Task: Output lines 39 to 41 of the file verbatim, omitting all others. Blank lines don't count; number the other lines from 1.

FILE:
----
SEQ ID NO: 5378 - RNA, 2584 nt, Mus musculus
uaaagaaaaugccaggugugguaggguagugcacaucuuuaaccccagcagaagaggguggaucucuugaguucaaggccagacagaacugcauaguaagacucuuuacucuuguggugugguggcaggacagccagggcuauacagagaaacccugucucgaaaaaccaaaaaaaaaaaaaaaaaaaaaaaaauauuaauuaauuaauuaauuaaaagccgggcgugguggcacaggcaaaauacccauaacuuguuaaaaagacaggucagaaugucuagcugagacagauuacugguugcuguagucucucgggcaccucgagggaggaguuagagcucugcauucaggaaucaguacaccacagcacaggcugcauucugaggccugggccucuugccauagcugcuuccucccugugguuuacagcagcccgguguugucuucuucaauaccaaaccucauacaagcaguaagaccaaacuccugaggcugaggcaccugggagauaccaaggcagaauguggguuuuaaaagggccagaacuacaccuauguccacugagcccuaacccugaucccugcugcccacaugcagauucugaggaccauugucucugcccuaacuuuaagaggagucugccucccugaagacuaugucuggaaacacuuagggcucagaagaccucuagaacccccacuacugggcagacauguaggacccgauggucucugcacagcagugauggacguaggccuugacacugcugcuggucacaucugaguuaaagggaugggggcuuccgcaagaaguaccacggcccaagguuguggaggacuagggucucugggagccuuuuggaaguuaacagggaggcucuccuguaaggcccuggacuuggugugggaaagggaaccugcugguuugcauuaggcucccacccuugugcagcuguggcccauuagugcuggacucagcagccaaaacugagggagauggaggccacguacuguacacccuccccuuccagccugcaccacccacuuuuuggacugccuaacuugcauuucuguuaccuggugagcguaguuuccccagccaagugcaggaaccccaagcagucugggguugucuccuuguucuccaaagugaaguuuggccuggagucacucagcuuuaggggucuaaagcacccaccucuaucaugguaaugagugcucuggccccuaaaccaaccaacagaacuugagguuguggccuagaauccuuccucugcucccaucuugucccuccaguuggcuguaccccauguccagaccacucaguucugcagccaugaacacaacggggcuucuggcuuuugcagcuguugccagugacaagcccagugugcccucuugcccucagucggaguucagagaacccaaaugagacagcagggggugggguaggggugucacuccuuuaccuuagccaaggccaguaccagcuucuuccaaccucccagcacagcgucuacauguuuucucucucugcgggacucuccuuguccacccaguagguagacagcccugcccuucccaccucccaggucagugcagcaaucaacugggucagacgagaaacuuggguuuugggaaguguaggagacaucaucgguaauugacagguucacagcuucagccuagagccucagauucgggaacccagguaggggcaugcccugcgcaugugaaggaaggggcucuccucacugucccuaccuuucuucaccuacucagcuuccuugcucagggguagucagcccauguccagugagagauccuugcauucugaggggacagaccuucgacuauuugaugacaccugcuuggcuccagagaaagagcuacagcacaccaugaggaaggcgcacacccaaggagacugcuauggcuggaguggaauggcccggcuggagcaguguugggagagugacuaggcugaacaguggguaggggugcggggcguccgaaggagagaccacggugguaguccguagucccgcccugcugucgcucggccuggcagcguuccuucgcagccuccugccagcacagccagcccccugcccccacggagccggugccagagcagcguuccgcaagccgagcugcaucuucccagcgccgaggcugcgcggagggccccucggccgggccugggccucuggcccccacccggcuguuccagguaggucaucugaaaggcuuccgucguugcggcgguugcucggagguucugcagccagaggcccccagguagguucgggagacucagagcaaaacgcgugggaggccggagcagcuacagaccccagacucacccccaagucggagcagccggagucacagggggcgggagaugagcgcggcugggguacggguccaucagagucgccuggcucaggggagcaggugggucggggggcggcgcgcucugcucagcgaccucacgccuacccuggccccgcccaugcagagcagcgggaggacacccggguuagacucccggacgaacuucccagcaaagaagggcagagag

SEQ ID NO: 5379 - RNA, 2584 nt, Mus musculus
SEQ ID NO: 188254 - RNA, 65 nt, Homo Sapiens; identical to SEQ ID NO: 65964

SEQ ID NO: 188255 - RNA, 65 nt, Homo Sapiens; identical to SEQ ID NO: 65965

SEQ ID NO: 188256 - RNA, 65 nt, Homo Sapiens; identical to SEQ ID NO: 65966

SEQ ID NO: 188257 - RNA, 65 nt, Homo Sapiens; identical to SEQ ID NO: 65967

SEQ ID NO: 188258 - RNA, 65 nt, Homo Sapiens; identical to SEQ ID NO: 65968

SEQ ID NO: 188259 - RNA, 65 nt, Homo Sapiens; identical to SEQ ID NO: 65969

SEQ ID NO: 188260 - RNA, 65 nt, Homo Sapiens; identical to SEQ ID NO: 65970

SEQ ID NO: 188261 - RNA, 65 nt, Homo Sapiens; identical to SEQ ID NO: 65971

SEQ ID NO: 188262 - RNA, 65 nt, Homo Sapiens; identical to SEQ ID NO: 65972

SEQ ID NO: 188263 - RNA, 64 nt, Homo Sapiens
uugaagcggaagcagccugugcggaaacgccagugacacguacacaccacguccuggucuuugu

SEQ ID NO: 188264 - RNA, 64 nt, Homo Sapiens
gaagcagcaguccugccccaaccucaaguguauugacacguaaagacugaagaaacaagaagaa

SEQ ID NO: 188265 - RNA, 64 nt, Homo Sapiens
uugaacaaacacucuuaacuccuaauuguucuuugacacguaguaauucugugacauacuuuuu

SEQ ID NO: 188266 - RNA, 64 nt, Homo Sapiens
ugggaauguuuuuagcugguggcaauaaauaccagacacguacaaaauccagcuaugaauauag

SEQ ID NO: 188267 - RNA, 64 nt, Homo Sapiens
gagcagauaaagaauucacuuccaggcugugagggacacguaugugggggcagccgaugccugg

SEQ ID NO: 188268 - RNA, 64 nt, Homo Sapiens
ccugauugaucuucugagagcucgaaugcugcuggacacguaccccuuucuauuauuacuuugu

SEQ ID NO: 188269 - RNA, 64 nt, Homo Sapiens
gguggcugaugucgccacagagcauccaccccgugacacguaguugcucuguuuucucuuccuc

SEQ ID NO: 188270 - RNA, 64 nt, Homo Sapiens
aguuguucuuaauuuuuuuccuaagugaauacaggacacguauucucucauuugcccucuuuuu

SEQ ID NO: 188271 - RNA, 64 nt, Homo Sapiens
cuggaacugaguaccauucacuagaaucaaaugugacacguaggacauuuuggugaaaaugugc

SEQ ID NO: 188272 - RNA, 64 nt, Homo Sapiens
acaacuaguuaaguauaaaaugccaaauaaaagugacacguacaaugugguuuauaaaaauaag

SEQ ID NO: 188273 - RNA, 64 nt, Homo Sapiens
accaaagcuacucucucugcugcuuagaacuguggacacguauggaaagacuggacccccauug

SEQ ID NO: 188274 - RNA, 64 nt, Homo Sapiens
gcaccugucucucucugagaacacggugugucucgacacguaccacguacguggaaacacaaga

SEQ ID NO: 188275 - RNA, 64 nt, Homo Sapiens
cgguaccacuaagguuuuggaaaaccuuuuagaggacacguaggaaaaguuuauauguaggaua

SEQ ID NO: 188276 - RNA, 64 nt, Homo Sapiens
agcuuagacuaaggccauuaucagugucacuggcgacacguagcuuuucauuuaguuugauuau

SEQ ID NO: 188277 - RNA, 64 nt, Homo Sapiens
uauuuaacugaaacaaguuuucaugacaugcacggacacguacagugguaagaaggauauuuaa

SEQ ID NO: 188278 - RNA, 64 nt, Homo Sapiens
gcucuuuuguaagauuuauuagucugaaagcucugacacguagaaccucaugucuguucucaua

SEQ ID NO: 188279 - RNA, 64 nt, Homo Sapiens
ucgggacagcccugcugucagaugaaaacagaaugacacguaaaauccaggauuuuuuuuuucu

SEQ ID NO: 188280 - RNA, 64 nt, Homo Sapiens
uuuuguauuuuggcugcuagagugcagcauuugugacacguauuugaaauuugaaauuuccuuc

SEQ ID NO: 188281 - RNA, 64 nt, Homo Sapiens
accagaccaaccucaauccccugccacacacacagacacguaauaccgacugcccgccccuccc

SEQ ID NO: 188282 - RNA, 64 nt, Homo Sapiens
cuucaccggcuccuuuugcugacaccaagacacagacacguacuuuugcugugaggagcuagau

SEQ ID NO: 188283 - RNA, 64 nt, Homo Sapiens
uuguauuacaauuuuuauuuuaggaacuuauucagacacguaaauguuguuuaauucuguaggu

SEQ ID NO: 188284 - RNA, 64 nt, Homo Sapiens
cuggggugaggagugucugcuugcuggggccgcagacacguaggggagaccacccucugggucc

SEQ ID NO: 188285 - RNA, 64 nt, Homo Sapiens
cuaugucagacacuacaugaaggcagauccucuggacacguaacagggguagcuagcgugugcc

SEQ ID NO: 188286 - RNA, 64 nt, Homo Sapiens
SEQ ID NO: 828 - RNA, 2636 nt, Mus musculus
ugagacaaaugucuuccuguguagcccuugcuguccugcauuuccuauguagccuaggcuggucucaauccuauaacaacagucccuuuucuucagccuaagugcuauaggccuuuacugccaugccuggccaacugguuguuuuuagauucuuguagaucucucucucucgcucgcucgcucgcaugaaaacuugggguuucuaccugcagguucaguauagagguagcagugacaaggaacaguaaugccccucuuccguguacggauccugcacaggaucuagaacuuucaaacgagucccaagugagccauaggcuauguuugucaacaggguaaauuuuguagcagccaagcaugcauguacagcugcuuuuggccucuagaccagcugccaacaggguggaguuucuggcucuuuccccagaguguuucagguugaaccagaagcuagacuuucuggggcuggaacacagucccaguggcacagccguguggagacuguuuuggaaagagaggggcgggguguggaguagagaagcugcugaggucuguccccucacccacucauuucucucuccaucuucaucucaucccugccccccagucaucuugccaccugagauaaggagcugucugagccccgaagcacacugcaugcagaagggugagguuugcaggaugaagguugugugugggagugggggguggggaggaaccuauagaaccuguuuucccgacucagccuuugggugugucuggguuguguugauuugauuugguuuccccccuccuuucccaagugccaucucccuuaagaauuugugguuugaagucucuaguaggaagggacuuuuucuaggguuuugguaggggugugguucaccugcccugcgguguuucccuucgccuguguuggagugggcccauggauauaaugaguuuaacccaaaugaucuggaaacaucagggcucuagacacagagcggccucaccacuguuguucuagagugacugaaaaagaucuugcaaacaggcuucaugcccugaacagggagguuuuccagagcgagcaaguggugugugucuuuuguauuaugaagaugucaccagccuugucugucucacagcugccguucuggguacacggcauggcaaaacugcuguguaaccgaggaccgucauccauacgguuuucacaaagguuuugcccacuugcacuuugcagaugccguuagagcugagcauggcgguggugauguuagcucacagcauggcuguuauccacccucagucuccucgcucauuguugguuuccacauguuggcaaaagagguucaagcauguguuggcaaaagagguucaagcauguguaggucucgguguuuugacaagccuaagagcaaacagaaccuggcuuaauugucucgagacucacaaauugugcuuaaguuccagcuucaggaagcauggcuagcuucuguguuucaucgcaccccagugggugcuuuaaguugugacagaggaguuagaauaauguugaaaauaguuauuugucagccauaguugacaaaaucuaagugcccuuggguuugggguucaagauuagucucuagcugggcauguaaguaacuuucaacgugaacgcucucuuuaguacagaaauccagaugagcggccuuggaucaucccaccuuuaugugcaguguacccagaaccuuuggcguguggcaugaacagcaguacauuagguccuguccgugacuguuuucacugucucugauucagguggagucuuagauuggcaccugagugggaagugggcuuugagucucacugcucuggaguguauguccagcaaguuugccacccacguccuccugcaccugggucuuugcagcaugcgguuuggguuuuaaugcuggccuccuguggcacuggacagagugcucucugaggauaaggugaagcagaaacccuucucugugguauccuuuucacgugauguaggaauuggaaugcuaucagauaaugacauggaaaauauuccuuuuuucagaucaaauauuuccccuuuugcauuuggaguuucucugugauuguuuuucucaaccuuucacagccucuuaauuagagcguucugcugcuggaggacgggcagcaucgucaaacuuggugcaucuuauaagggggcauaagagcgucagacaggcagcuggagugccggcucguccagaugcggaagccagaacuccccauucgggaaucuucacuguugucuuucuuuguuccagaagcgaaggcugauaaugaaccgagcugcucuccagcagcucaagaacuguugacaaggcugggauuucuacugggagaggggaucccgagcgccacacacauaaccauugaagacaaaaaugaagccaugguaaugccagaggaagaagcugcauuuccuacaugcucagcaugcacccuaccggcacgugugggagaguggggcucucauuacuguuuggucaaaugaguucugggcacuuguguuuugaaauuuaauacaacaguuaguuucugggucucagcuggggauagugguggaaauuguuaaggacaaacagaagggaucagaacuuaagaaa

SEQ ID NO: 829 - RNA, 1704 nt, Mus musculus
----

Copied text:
SEQ ID NO: 188276 - RNA, 64 nt, Homo Sapiens
agcuuagacuaaggccauuaucagugucacuggcgacacguagcuuuucauuuaguuugauuau

SEQ ID NO: 188277 - RNA, 64 nt, Homo Sapiens